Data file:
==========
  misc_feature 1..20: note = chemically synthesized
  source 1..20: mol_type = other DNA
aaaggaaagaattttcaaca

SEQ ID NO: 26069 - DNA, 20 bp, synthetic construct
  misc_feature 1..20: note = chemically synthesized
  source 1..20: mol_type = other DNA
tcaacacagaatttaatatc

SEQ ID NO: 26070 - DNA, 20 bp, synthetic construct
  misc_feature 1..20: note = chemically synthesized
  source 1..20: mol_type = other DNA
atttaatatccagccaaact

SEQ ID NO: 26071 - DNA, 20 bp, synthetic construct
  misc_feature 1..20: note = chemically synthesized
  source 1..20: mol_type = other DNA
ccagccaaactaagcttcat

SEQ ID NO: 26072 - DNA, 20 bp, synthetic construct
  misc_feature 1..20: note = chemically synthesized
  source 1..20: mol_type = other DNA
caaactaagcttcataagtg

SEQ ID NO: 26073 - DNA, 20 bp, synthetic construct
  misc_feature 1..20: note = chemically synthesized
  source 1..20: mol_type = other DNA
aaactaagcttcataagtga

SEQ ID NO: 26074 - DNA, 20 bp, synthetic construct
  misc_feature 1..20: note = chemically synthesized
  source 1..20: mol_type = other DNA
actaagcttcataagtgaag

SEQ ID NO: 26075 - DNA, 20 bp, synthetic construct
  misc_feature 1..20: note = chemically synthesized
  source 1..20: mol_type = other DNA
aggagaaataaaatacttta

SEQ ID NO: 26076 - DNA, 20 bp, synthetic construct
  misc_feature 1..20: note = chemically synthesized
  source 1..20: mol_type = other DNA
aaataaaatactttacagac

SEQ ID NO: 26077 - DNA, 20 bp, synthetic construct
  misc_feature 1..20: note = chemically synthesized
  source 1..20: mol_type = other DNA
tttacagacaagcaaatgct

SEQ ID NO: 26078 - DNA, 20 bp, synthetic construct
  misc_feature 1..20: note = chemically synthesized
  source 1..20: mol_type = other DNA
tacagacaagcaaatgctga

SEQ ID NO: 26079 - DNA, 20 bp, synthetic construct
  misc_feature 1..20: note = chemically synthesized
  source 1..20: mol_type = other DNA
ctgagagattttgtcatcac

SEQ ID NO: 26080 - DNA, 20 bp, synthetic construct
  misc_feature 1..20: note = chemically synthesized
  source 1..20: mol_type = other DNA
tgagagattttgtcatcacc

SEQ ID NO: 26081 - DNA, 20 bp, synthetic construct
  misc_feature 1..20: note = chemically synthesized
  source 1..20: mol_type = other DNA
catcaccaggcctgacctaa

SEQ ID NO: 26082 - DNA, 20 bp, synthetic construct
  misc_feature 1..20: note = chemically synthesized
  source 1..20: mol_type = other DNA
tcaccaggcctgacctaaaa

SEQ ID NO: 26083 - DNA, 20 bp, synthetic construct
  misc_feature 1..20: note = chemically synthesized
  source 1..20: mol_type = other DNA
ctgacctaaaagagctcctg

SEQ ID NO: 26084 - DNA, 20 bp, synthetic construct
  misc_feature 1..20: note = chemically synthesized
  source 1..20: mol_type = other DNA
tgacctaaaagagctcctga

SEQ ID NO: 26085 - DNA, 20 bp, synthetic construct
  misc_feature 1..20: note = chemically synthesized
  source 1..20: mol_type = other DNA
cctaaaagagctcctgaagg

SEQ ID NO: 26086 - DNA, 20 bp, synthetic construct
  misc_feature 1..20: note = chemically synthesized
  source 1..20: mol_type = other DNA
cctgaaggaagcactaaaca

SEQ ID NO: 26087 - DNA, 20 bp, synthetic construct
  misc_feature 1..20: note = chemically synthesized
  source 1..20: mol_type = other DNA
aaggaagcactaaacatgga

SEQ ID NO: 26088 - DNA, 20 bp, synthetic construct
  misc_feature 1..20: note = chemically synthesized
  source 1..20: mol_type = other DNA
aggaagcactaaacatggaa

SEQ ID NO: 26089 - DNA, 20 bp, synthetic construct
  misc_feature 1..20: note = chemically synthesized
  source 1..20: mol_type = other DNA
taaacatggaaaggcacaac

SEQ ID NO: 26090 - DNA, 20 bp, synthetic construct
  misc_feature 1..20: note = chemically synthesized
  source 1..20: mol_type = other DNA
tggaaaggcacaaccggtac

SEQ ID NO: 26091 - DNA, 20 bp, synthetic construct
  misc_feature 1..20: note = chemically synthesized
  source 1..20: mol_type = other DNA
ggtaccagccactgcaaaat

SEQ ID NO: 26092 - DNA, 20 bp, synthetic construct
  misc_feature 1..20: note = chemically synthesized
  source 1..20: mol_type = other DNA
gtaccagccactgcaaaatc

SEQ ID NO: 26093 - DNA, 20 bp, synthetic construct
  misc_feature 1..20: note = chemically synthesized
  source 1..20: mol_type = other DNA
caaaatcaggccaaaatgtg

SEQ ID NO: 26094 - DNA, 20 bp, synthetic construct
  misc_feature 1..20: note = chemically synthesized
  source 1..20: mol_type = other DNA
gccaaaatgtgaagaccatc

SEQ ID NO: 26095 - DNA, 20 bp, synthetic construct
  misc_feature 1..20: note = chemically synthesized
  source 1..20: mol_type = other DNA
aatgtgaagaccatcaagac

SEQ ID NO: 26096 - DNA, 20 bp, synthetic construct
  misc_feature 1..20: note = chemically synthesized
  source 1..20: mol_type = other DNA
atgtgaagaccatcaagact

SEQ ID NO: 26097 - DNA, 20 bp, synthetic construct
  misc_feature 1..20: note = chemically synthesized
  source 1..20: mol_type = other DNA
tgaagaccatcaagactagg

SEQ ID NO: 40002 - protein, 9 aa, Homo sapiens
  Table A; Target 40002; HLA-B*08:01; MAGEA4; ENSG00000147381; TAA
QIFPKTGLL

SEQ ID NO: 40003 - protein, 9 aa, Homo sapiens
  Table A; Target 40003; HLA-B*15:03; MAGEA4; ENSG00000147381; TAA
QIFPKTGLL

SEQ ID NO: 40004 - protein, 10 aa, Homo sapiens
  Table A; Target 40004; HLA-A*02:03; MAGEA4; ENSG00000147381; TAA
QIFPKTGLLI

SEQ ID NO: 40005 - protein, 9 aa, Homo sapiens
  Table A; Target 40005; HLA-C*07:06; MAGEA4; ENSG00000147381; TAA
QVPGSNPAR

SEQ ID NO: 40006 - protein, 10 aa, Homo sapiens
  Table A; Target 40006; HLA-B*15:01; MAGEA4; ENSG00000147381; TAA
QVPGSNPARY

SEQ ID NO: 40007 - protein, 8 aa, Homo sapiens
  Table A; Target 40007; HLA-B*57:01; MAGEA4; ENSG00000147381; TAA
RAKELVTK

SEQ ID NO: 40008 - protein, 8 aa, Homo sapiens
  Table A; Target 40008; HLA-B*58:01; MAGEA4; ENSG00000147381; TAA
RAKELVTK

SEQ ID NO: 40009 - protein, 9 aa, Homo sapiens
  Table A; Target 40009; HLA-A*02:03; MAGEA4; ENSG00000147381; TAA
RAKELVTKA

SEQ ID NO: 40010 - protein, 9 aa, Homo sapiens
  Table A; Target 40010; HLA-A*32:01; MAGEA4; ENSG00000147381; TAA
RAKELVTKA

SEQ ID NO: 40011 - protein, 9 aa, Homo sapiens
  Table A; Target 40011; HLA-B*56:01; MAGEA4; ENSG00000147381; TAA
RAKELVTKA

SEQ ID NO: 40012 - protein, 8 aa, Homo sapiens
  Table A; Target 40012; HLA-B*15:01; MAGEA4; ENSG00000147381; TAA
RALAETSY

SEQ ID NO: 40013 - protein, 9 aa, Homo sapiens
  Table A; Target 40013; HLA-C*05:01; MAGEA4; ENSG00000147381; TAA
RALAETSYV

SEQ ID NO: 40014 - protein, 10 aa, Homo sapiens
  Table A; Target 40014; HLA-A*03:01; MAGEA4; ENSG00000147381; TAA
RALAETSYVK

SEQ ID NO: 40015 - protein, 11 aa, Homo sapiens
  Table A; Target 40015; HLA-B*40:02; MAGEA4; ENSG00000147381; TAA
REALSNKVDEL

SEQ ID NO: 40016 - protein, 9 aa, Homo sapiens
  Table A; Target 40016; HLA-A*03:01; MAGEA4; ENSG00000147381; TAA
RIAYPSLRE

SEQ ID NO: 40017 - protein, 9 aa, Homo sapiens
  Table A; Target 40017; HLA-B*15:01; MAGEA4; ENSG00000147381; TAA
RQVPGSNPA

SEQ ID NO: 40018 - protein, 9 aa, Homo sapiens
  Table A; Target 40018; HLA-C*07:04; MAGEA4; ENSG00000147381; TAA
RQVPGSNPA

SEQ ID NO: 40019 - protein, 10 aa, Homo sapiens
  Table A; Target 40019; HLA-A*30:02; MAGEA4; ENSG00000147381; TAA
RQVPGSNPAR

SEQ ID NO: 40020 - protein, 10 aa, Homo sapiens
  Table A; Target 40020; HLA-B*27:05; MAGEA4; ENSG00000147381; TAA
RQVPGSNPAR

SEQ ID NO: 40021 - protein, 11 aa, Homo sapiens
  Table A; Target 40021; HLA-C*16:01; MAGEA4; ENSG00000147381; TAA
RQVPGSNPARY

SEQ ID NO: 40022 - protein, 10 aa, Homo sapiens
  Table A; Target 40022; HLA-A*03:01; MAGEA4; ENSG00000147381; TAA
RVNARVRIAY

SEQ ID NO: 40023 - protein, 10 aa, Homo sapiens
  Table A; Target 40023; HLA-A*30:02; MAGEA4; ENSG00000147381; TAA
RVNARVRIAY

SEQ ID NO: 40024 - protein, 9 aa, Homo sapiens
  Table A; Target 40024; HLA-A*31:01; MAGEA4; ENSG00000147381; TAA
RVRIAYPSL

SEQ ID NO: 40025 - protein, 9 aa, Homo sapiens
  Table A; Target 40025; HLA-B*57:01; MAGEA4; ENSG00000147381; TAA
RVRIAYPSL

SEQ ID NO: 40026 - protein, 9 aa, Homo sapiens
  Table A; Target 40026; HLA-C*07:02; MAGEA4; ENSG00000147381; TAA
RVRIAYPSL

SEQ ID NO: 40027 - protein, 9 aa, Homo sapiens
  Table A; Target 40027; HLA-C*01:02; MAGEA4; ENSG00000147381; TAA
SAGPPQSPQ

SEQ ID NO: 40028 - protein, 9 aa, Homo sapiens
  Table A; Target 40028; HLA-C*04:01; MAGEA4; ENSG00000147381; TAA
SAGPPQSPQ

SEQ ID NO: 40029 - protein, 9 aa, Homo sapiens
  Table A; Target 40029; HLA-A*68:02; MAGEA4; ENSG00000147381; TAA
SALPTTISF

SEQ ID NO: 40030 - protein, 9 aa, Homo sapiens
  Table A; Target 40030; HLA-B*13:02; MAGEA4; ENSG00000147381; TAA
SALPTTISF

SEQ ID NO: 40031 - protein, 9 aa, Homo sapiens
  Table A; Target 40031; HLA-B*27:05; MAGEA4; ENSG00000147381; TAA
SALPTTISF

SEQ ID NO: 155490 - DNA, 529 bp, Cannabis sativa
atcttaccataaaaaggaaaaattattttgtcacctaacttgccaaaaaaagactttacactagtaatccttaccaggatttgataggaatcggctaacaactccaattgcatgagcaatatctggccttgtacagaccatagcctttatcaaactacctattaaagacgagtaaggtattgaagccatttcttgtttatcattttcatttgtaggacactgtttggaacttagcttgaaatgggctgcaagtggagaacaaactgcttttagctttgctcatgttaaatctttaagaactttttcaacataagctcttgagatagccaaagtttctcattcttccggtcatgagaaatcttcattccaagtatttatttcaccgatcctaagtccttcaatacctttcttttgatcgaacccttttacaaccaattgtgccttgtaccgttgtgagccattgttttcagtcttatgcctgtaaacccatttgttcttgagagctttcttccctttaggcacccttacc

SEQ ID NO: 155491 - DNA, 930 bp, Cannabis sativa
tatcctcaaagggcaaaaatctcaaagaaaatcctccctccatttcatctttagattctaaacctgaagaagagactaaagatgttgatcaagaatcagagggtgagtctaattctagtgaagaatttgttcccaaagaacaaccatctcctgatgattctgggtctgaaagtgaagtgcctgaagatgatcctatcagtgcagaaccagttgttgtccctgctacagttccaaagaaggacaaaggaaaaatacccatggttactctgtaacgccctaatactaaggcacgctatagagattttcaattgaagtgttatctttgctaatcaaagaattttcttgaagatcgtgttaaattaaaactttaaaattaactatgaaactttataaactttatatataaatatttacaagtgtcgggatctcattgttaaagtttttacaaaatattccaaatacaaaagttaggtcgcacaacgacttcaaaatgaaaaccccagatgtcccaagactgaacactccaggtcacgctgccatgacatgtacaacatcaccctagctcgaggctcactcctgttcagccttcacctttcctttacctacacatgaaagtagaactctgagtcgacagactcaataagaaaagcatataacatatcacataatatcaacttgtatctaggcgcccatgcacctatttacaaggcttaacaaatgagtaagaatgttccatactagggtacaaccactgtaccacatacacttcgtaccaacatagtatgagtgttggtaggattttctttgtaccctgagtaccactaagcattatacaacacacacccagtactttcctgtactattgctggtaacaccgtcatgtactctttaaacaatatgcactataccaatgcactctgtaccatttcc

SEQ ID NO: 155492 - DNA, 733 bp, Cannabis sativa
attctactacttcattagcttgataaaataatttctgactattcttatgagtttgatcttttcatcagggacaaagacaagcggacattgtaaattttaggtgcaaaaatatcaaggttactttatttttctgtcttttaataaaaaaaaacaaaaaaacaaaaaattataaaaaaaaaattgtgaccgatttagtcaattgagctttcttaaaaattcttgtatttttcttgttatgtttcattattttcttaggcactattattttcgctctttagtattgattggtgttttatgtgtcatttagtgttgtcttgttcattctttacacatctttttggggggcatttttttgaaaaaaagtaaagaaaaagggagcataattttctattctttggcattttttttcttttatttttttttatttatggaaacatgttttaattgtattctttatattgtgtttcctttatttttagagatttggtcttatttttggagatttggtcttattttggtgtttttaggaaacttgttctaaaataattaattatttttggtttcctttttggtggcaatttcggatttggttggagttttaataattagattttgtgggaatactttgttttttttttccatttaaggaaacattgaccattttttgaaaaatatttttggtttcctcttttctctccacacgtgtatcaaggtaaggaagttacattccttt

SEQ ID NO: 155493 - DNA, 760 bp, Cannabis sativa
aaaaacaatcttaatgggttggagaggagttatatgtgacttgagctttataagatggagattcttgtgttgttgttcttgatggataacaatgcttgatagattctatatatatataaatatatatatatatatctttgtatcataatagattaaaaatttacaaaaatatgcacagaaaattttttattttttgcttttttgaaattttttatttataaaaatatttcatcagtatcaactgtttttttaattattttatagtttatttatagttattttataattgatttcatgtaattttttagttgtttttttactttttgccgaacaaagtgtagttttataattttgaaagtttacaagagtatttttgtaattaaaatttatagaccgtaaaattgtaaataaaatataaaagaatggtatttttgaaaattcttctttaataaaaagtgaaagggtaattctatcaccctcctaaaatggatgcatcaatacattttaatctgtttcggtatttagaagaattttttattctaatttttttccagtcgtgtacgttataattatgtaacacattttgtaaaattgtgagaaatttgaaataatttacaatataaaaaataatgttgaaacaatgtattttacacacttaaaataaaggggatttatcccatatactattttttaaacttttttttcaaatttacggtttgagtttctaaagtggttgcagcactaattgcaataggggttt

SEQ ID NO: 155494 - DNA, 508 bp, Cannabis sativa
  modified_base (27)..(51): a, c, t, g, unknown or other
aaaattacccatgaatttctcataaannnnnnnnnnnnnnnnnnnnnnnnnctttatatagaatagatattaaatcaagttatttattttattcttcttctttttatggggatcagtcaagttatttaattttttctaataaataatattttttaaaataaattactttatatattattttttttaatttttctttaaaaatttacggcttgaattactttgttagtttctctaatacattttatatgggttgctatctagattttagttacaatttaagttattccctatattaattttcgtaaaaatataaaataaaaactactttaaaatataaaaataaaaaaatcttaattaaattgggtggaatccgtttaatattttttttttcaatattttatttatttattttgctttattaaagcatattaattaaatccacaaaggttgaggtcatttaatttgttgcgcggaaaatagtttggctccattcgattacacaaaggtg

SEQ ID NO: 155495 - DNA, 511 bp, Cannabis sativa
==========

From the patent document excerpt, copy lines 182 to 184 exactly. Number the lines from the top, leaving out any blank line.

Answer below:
RVNARVRIAY

SEQ ID NO: 40023 - protein, 10 aa, Homo sapiens
  Table A; Target 40023; HLA-A*30:02; MAGEA4; ENSG00000147381; TAA